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What brentuximab is

Brentuximab (pronounced bren-tuk-see-mab) is a type of monoclonal antibody. It is also known by its full name brentuximab vedotin and its brand name, Adcetris. It is a treatment for Hodgkin lymphoma and a type of non Hodgkin lymphoma called anaplastic large cell lymphoma (ALCL).

Monoclonal antibodies (MABs) are copies of a single antibody. They are made in the laboratory. MABs seek out cancer cells by targeting particular proteins on the cell surface.

Brentuximab targets a protein called CD 30. CD30 is found on Hodgkin lymphoma and APLC lymphoma cells. Brentuximab sticks to the CD30 protein and delivers a drug to the cell. The drug then kills the cell.

 

How you have brentuximab

You have brentuximab through a drip into a vein (infusion), through a small tube called a cannula. You have the treatment over 30 minutes. You have it once every 3 weeks up to 16 times, for as long as it is working. So the course of treatment takes up to 48 weeks (almost one year).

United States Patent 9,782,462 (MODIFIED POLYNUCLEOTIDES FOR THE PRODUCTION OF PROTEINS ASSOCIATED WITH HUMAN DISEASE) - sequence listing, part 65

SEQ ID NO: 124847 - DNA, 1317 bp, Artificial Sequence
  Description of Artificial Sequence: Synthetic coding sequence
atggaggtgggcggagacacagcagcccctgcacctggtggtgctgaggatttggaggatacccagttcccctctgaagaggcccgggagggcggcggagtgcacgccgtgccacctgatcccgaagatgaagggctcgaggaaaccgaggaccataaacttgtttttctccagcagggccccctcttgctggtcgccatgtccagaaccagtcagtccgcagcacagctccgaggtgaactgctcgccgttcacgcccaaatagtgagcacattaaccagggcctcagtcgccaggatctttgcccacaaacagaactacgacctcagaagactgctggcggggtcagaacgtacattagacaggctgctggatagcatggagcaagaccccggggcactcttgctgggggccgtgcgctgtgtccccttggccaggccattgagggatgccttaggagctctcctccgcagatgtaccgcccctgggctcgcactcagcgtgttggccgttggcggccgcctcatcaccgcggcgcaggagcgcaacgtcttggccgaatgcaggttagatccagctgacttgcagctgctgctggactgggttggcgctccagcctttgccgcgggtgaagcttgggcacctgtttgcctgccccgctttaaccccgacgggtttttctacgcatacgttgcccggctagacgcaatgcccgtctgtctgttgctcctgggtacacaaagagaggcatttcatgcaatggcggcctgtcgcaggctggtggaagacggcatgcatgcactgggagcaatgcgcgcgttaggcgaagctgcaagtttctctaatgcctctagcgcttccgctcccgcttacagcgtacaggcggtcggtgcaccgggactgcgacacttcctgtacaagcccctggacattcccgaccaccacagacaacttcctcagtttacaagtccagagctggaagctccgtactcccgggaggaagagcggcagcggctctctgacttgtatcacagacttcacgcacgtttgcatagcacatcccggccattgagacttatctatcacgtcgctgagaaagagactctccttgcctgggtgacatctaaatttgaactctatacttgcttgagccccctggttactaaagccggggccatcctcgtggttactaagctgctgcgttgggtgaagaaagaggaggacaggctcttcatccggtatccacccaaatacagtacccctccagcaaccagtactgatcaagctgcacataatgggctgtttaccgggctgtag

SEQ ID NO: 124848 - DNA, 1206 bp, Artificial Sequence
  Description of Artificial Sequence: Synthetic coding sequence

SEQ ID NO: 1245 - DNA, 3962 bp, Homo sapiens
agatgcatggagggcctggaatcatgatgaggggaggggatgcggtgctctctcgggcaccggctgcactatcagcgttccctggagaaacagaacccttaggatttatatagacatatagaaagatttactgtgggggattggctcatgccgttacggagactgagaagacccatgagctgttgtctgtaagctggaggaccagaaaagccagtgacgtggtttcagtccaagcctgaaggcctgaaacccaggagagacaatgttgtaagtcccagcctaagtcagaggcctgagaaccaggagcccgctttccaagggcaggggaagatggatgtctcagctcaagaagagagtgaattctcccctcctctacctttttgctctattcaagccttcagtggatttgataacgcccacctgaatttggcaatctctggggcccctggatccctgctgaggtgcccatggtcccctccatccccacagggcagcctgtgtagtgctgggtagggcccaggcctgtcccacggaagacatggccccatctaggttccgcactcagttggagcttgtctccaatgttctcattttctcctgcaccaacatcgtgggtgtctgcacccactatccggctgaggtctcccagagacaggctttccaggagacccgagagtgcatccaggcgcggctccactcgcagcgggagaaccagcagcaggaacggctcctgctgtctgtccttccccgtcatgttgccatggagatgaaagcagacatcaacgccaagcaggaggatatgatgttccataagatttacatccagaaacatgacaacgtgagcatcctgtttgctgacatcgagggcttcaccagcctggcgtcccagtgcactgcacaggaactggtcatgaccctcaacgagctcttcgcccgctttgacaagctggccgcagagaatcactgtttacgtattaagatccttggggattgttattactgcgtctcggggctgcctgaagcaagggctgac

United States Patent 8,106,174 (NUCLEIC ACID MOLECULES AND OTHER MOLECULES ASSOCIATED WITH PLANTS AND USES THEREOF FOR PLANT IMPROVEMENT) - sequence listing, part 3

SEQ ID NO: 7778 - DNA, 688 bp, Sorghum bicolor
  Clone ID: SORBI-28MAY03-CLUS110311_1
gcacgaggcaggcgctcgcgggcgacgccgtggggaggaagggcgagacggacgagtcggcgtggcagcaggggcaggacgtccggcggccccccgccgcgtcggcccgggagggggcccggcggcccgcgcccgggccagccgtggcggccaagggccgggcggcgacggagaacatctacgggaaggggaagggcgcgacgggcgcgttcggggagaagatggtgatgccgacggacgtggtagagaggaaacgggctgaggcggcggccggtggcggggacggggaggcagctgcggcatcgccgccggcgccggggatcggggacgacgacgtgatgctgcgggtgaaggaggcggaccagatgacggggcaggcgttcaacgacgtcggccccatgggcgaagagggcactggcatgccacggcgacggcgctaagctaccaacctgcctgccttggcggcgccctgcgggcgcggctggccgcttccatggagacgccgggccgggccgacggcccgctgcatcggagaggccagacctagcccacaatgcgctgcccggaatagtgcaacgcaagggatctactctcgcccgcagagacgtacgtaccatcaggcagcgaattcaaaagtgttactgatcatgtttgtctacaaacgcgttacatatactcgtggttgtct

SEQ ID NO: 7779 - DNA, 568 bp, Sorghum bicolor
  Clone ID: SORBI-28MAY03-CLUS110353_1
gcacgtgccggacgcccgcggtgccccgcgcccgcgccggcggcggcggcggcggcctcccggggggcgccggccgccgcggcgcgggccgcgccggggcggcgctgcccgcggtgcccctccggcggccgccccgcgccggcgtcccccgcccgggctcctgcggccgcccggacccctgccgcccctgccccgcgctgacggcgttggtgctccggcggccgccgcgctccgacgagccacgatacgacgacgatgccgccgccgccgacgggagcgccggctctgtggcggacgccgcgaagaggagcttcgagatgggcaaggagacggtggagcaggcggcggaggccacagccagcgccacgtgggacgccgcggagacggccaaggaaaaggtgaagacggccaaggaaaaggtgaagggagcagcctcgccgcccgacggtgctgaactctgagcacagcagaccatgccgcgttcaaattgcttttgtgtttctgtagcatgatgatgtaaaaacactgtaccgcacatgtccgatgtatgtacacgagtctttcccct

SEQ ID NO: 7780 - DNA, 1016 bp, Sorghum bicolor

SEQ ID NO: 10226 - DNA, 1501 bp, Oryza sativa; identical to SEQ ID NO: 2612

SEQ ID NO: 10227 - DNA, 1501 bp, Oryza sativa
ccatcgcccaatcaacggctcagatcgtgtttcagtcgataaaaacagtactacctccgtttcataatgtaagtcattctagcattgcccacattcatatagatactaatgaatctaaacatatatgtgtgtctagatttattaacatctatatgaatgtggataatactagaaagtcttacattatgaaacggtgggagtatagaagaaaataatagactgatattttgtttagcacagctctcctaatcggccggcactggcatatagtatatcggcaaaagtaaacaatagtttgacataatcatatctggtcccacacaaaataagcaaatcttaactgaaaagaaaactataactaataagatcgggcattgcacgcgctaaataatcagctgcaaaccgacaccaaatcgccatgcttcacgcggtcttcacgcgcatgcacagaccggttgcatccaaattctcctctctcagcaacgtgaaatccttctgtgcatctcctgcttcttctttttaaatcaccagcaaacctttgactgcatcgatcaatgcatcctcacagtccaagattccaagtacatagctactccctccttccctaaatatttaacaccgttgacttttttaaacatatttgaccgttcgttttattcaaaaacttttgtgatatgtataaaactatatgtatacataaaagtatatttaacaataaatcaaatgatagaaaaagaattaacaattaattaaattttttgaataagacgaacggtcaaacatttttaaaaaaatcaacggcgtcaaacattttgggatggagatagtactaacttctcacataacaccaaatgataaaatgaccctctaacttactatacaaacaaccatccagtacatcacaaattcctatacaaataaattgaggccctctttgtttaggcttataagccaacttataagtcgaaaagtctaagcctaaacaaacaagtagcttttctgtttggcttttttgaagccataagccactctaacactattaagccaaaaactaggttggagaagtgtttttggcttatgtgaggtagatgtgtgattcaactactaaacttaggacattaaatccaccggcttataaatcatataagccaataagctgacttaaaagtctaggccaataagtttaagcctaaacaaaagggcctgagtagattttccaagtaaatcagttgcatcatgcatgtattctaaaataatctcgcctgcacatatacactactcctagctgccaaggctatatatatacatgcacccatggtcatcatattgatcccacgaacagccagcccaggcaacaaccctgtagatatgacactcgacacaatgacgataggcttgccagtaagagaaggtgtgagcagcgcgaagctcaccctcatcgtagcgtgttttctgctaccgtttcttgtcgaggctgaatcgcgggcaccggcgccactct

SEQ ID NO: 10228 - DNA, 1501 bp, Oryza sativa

About side effects

We've listed the side effects associated with brentuximab below. You can use the links to find out more about each side effect. Where there is no link, please go to our cancer drug side effects section or use the search box at the top of the page.

You may have a few side effects. They may be mild or more severe. A side effect may get better or worse through your course of treatment. Or more side effects may develop as the course goes on. This depends on

  • How many times you've had the drug before
  • Your general health
  • The amount of the drug you have (the dose)

The side effects may be different if you are having brentuximab with other drugs.

Tell your doctor or nurse straight away if any of the side effects get severe.

 

Common side effects

More than 10 out of 100 people have one or more of the following effects.

  • Numbness or tingling in fingers and toes happens in 4 out of every 10 people (40%) – it can cause difficulty with fiddly things such as doing up buttons. It starts within a few days or weeks and usually goes within a few months of finishing treatment
  • Feeling or being sick happens in about 4 out of every 10 people (40%) but is usually well controlled with anti sickness medicines
  • Tiredness (fatigue) affects 4 out of 10 people (40%) during and after treatment – most people find their energy levels are back to normal within 6 months to a year
  • Diarrhoea happens in 3 out of 10 people (30%) – drink plenty of fluids and tell your doctor or nurse if it becomes severe or continues for more than 3 days
  • A high temperature (fever)
  • A skin reaction happens in 1 out of 4 people (25%) – you may have a rash similar to acne on your face, neck and trunk or your skin may be dry and itchy